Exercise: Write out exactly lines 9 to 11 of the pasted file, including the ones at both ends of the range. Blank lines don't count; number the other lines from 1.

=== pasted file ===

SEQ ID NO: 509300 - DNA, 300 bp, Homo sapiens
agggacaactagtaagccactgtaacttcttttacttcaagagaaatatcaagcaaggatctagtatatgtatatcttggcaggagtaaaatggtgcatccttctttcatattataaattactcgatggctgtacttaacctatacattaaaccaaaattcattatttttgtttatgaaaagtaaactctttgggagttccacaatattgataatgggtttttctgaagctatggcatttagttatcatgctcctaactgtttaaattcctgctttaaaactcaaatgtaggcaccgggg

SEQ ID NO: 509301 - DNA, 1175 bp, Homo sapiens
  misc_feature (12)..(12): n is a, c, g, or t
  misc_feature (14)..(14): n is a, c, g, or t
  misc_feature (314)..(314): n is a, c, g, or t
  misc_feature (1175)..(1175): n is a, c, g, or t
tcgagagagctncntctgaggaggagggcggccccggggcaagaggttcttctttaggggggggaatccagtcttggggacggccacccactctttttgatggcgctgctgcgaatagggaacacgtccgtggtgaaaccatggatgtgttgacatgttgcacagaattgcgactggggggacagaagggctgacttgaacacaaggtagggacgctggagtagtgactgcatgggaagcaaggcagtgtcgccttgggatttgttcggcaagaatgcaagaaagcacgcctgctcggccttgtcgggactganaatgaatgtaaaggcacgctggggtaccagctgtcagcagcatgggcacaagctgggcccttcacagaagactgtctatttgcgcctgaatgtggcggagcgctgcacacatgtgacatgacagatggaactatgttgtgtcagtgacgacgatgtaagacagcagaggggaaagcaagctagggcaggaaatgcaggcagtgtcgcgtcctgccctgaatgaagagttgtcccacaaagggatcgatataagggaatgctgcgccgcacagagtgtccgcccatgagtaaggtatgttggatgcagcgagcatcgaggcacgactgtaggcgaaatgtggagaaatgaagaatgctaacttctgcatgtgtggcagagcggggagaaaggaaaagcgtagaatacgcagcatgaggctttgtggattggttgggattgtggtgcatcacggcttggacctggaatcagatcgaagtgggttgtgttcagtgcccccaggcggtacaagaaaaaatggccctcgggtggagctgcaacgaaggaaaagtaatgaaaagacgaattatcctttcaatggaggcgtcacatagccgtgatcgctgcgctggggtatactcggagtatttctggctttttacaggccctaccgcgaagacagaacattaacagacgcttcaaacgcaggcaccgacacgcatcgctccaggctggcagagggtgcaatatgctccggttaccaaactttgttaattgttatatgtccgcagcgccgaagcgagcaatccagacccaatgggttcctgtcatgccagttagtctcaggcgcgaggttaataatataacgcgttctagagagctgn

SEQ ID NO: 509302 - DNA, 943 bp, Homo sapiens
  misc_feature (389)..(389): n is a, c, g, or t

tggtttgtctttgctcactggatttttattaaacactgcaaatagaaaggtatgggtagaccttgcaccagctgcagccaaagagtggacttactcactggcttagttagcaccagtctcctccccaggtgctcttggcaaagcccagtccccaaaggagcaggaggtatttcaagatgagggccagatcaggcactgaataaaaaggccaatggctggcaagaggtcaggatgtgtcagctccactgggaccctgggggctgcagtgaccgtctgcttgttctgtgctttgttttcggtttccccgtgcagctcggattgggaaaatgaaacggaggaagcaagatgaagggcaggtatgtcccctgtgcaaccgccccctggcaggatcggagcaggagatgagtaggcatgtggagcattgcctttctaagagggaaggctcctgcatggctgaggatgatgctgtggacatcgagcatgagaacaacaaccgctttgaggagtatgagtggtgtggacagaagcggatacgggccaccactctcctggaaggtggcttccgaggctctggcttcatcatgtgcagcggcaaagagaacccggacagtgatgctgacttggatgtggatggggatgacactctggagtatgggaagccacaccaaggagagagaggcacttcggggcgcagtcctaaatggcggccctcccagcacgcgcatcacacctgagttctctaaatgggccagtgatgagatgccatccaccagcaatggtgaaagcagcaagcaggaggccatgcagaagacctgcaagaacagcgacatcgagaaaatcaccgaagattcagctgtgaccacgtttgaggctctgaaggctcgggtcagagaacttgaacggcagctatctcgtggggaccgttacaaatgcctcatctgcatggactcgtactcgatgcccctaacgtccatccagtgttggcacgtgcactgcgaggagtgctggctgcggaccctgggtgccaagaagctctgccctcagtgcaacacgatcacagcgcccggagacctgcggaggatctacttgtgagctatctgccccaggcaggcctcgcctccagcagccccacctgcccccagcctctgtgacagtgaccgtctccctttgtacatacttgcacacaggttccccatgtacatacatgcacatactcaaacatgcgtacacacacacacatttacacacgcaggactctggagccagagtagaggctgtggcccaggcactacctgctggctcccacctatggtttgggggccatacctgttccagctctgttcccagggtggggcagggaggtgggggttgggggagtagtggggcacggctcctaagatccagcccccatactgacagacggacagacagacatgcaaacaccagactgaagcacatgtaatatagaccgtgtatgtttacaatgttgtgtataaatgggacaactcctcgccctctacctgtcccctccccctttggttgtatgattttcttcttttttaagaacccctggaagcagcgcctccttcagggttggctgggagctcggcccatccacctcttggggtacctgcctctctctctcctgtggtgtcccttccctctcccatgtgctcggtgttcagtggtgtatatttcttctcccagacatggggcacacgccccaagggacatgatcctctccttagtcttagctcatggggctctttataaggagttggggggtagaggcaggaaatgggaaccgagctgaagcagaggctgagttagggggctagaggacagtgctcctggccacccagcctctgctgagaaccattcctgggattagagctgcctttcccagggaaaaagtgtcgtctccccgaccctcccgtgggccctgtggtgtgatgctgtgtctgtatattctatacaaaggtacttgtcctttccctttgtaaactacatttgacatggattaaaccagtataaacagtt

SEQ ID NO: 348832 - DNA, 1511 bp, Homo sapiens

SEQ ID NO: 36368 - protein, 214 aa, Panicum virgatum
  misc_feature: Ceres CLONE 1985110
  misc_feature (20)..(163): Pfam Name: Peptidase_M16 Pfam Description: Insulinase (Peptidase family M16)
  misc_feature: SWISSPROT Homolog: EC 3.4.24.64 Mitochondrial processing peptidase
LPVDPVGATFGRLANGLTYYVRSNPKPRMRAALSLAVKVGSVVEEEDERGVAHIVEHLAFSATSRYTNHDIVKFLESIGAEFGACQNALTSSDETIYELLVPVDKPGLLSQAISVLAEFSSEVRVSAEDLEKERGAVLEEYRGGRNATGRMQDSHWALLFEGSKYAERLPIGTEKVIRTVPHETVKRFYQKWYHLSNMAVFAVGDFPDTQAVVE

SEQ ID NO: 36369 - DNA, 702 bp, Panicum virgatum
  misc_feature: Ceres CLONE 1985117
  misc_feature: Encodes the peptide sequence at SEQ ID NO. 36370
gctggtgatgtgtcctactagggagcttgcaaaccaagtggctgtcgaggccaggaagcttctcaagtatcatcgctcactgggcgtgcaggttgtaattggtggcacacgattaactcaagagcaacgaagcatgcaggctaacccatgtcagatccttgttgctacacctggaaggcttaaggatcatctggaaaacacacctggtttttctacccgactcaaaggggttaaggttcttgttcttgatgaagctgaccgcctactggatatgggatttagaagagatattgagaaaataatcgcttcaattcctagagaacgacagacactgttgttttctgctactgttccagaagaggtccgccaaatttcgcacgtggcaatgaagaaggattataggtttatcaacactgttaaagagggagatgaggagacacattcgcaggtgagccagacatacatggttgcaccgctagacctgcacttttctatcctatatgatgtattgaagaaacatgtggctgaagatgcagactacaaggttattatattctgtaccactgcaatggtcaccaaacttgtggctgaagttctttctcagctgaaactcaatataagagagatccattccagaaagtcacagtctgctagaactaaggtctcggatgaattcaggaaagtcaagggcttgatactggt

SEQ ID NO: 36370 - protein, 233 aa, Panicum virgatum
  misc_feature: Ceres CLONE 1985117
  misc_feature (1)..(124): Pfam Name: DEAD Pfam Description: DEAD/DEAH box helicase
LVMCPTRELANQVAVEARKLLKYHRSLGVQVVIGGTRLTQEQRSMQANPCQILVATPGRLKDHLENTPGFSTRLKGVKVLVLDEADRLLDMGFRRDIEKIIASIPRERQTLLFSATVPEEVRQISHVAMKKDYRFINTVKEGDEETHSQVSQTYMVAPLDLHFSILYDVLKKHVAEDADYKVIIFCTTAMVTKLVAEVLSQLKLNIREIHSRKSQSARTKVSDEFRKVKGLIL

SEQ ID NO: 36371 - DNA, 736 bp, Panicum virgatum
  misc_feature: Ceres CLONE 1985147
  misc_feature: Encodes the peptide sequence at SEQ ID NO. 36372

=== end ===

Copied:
SEQ ID NO: 509302 - DNA, 943 bp, Homo sapiens
  misc_feature (389)..(389): n is a, c, g, or t

tggtttgtctttgctcactggatttttattaaacactgcaaatagaaaggtatgggtagaccttgcaccagctgcagccaaagagtggacttactcactggcttagttagcaccagtctcctccccaggtgctcttggcaaagcccagtccccaaaggagcaggaggtatttcaagatgagggccagatcaggcactgaataaaaaggccaatggctggcaagaggtcaggatgtgtcagctccactgggaccctgggggctgcagtgaccgtctgcttgttctgtgctttgttttcggtttccccgtgcagctcggattgggaaaatgaaacggaggaagcaagatgaagggcaggtatgtcccctgtgcaaccgccccctggcaggatcggagcaggagatgagtaggcatgtggagcattgcctttctaagagggaaggctcctgcatggctgaggatgatgctgtggacatcgagcatgagaacaacaaccgctttgaggagtatgagtggtgtggacagaagcggatacgggccaccactctcctggaaggtggcttccgaggctctggcttcatcatgtgcagcggcaaagagaacccggacagtgatgctgacttggatgtggatggggatgacactctggagtatgggaagccacaccaaggagagagaggcacttcggggcgcagtcctaaatggcggccctcccagcacgcgcatcacacctgagttctctaaatgggccagtgatgagatgccatccaccagcaatggtgaaagcagcaagcaggaggccatgcagaagacctgcaagaacagcgacatcgagaaaatcaccgaagattcagctgtgaccacgtttgaggctctgaaggctcgggtcagagaacttgaacggcagctatctcgtggggaccgttacaaatgcctcatctgcatggactcgtactcgatgcccctaacgtccatccagtgttggcacgtgcactgcgaggagtgctggctgcggaccctgggtgccaagaagctctgccctcagtgcaacacgatcacagcgcccggagacctgcggaggatctacttgtgagctatctgccccaggcaggcctcgcctccagcagccccacctgcccccagcctctgtgacagtgaccgtctccctttgtacatacttgcacacaggttccccatgtacatacatgcacatactcaaacatgcgtacacacacacacatttacacacgcaggactctggagccagagtagaggctgtggcccaggcactacctgctggctcccacctatggtttgggggccatacctgttccagctctgttcccagggtggggcagggaggtgggggttgggggagtagtggggcacggctcctaagatccagcccccatactgacagacggacagacagacatgcaaacaccagactgaagcacatgtaatatagaccgtgtatgtttacaatgttgtgtataaatgggacaactcctcgccctctacctgtcccctccccctttggttgtatgattttcttcttttttaagaacccctggaagcagcgcctccttcagggttggctgggagctcggcccatccacctcttggggtacctgcctctctctctcctgtggtgtcccttccctctcccatgtgctcggtgttcagtggtgtatatttcttctcccagacatggggcacacgccccaagggacatgatcctctccttagtcttagctcatggggctctttataaggagttggggggtagaggcaggaaatgggaaccgagctgaagcagaggctgagttagggggctagaggacagtgctcctggccacccagcctctgctgagaaccattcctgggattagagctgcctttcccagggaaaaagtgtcgtctccccgaccctcccgtgggccctgtggtgtgatgctgtgtctgtatattctatacaaaggtacttgtcctttccctttgtaaactacatttgacatggattaaaccagtataaacagtt